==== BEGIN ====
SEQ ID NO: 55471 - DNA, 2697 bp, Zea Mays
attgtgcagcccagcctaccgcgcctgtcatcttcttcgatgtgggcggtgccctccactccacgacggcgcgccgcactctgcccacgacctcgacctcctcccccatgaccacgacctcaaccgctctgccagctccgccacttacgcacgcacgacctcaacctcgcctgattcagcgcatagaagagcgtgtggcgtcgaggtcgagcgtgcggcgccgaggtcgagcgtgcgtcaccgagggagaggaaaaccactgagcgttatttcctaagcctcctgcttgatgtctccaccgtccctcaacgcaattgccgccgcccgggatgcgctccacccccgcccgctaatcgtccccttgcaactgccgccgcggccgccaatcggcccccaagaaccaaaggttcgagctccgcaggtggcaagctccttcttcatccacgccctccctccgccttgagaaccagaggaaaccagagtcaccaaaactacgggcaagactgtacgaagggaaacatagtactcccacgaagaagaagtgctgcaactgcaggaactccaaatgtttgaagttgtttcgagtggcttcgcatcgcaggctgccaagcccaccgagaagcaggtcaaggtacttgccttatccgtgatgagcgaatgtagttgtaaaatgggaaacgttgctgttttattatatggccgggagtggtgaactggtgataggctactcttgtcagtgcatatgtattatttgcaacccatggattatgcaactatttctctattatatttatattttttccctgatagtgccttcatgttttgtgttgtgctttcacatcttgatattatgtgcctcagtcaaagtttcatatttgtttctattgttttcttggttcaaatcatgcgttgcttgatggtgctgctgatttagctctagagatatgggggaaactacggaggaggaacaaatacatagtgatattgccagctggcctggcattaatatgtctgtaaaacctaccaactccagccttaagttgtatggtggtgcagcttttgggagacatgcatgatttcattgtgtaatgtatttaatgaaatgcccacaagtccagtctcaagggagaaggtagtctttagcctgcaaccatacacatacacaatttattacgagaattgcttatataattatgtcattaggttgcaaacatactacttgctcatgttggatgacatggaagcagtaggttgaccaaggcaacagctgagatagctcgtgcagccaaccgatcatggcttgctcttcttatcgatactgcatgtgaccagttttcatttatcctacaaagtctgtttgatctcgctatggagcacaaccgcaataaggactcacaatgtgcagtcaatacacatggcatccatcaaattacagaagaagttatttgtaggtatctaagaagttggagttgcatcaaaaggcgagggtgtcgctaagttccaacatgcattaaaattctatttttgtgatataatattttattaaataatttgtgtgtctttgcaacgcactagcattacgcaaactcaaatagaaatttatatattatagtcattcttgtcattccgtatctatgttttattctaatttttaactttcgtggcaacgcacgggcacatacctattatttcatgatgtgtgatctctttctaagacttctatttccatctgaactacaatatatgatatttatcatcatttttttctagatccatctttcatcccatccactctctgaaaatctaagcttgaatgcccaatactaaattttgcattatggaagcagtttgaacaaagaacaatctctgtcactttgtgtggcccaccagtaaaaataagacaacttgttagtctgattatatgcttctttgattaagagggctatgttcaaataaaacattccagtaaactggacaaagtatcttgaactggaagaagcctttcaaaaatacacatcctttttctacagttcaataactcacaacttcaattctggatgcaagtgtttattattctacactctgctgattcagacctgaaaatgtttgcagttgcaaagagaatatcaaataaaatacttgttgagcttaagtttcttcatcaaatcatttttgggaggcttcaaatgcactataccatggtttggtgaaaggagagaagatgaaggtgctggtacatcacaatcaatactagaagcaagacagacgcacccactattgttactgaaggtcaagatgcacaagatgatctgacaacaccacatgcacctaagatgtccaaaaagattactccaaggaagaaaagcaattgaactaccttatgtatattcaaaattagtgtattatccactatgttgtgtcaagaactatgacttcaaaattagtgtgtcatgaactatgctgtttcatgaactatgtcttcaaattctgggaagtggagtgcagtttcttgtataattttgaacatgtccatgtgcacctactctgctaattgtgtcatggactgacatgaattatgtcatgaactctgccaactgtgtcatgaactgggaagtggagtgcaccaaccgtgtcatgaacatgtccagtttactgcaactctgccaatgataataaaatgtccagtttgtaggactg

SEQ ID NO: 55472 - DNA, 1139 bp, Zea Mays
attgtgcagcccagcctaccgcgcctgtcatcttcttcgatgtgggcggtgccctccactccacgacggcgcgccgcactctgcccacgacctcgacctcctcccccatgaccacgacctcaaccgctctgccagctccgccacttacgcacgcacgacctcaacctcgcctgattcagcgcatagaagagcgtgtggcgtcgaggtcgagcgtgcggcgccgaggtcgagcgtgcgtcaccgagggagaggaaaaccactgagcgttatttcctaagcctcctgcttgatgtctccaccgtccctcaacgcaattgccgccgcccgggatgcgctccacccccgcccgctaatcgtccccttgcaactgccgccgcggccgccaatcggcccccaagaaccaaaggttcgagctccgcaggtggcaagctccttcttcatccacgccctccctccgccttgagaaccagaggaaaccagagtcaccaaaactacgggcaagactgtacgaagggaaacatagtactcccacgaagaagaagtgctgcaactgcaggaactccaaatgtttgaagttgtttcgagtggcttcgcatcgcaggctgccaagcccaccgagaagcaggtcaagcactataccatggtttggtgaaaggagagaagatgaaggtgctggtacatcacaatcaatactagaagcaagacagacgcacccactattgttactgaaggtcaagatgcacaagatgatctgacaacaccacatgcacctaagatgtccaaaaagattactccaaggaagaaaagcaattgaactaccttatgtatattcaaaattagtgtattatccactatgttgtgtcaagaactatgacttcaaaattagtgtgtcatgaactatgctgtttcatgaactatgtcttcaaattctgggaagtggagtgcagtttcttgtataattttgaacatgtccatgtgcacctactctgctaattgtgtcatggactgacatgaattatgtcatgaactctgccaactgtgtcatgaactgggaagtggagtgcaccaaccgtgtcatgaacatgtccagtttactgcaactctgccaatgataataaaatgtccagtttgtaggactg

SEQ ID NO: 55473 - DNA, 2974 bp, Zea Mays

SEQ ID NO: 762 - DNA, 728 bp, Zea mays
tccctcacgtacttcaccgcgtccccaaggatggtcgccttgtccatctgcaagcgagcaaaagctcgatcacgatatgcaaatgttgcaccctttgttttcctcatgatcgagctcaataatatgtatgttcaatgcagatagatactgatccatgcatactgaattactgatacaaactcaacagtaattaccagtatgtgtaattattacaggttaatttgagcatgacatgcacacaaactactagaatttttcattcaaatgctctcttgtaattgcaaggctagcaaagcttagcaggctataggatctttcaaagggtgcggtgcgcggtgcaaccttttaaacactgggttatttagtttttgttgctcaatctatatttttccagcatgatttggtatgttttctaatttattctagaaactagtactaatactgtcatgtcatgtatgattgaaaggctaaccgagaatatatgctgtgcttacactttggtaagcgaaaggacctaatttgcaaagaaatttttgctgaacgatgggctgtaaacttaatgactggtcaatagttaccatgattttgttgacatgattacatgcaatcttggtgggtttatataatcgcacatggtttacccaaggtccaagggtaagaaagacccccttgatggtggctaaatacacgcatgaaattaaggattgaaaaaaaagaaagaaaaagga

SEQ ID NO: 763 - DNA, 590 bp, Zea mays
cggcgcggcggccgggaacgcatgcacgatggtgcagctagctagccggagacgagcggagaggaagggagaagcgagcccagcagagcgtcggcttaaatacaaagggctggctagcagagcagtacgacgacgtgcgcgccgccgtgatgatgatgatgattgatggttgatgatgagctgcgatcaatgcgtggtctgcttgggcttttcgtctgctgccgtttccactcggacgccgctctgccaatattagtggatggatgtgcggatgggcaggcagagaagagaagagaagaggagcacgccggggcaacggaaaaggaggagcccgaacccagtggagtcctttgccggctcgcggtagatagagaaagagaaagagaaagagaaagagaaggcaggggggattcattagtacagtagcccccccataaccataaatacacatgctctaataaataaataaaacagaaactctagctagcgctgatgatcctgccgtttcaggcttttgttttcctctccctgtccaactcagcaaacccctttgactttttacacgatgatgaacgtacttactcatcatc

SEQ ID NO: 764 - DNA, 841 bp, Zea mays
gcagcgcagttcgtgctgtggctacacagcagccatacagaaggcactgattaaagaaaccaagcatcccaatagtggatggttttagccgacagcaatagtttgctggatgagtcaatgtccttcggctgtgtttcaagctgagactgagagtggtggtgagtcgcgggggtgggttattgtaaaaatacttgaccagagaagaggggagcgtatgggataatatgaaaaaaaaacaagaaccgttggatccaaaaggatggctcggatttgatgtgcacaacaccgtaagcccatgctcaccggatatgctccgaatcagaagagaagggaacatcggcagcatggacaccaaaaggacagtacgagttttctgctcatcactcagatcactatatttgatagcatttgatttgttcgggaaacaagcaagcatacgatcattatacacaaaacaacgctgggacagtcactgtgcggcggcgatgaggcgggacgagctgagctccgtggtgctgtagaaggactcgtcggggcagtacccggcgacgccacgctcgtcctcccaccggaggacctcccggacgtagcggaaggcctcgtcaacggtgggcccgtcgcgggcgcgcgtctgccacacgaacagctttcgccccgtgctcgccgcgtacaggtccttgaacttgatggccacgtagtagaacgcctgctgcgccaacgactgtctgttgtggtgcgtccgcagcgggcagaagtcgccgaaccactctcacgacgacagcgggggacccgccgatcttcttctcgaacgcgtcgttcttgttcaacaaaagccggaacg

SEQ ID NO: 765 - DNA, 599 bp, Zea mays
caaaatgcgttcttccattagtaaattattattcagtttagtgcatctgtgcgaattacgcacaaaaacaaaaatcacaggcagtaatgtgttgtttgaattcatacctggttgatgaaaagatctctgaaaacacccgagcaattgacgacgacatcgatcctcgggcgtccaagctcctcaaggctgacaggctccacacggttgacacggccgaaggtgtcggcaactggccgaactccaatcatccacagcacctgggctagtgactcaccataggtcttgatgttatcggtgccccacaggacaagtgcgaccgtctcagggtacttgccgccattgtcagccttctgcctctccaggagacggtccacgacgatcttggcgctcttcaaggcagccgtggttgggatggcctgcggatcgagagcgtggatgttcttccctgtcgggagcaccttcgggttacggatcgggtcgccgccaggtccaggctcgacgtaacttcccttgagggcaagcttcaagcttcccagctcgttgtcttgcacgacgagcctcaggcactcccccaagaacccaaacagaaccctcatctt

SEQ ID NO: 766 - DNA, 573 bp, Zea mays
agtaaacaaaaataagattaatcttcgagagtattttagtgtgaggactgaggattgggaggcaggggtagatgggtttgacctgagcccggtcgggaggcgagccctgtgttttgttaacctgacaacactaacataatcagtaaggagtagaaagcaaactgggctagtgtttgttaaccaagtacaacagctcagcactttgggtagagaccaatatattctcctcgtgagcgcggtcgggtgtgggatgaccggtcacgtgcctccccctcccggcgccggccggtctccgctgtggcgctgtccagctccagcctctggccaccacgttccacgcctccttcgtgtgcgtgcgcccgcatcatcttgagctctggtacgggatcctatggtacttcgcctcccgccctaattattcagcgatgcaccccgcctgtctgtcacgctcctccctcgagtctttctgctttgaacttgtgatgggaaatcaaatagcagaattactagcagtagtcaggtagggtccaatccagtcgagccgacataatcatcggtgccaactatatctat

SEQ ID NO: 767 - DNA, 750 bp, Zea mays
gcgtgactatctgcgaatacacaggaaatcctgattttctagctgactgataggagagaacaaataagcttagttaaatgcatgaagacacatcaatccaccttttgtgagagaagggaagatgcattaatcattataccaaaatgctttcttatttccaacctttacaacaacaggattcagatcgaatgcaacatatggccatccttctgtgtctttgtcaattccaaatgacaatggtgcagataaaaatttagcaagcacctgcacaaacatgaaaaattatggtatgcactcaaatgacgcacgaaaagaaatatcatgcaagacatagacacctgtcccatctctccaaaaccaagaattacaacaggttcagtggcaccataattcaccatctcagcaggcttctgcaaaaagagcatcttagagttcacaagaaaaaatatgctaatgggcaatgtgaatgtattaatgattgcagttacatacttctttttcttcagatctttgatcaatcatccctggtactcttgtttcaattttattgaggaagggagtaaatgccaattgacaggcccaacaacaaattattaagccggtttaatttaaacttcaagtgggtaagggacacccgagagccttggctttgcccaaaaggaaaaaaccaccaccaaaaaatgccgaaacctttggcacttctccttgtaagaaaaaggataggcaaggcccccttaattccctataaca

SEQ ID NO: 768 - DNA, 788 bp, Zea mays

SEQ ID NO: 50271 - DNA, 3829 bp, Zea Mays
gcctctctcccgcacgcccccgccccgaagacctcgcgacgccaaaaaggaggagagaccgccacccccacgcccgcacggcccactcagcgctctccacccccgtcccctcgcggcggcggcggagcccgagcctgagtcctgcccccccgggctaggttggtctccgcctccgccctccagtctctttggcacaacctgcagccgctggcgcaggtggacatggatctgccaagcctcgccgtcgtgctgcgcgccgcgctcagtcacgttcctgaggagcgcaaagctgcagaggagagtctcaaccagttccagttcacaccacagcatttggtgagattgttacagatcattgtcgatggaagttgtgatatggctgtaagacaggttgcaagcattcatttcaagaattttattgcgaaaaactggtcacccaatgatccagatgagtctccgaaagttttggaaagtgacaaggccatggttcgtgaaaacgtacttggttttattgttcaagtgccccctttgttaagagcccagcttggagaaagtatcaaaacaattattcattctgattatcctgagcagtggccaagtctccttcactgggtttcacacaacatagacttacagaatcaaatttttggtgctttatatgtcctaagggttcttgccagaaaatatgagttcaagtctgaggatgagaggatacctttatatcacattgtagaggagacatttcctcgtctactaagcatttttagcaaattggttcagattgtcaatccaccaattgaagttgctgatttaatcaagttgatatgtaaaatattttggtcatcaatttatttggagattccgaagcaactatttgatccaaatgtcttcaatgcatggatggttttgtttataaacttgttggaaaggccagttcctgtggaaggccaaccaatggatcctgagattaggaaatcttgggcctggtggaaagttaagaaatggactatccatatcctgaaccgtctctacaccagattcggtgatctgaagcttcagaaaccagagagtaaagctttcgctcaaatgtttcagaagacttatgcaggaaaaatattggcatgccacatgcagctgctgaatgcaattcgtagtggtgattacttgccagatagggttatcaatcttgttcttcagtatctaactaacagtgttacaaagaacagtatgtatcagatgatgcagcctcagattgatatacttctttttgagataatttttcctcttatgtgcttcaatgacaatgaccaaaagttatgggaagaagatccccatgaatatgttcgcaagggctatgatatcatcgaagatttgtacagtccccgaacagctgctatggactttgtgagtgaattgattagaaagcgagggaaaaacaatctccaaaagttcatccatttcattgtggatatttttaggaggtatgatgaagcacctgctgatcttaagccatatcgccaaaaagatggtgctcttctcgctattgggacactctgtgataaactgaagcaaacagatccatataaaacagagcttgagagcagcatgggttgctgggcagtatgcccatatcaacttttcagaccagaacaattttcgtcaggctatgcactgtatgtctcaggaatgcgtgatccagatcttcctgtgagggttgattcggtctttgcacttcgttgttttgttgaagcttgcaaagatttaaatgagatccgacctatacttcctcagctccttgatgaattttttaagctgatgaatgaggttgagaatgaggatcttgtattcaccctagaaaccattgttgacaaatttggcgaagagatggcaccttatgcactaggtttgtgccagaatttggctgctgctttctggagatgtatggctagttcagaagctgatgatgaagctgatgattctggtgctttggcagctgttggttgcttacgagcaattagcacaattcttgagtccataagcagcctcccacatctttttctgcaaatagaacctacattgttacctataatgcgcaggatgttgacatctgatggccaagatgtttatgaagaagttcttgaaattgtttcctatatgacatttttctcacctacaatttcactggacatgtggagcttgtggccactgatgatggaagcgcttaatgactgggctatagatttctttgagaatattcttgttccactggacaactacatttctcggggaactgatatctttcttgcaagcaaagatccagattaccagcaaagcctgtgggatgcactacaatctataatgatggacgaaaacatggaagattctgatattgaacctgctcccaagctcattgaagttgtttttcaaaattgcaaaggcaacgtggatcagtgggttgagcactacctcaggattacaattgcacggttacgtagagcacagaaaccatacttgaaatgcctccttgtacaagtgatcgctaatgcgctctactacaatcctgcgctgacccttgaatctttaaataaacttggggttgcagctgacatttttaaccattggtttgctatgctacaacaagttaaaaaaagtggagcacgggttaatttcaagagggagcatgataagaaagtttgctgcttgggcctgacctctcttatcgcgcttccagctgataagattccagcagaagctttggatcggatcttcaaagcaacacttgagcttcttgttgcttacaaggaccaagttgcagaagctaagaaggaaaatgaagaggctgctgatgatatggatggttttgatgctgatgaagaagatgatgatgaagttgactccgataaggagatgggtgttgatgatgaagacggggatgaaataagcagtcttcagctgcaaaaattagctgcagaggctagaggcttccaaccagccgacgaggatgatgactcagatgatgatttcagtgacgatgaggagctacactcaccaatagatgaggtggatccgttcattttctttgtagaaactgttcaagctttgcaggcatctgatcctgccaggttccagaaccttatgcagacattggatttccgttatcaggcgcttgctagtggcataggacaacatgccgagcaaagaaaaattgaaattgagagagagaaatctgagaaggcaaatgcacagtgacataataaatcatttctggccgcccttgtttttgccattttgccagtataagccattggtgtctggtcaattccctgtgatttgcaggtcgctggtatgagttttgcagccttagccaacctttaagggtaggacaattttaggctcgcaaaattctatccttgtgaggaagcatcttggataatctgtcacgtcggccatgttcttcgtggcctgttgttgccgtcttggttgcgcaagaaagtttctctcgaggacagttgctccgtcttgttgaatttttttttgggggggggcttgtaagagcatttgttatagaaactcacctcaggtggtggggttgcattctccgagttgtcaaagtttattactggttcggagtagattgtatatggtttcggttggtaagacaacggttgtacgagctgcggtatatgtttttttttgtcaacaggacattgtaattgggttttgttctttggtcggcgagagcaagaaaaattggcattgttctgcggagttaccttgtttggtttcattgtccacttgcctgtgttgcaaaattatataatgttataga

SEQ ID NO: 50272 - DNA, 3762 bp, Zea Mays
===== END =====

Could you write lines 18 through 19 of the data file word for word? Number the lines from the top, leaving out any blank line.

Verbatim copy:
SEQ ID NO: 768 - DNA, 788 bp, Zea mays

SEQ ID NO: 50271 - DNA, 3829 bp, Zea Mays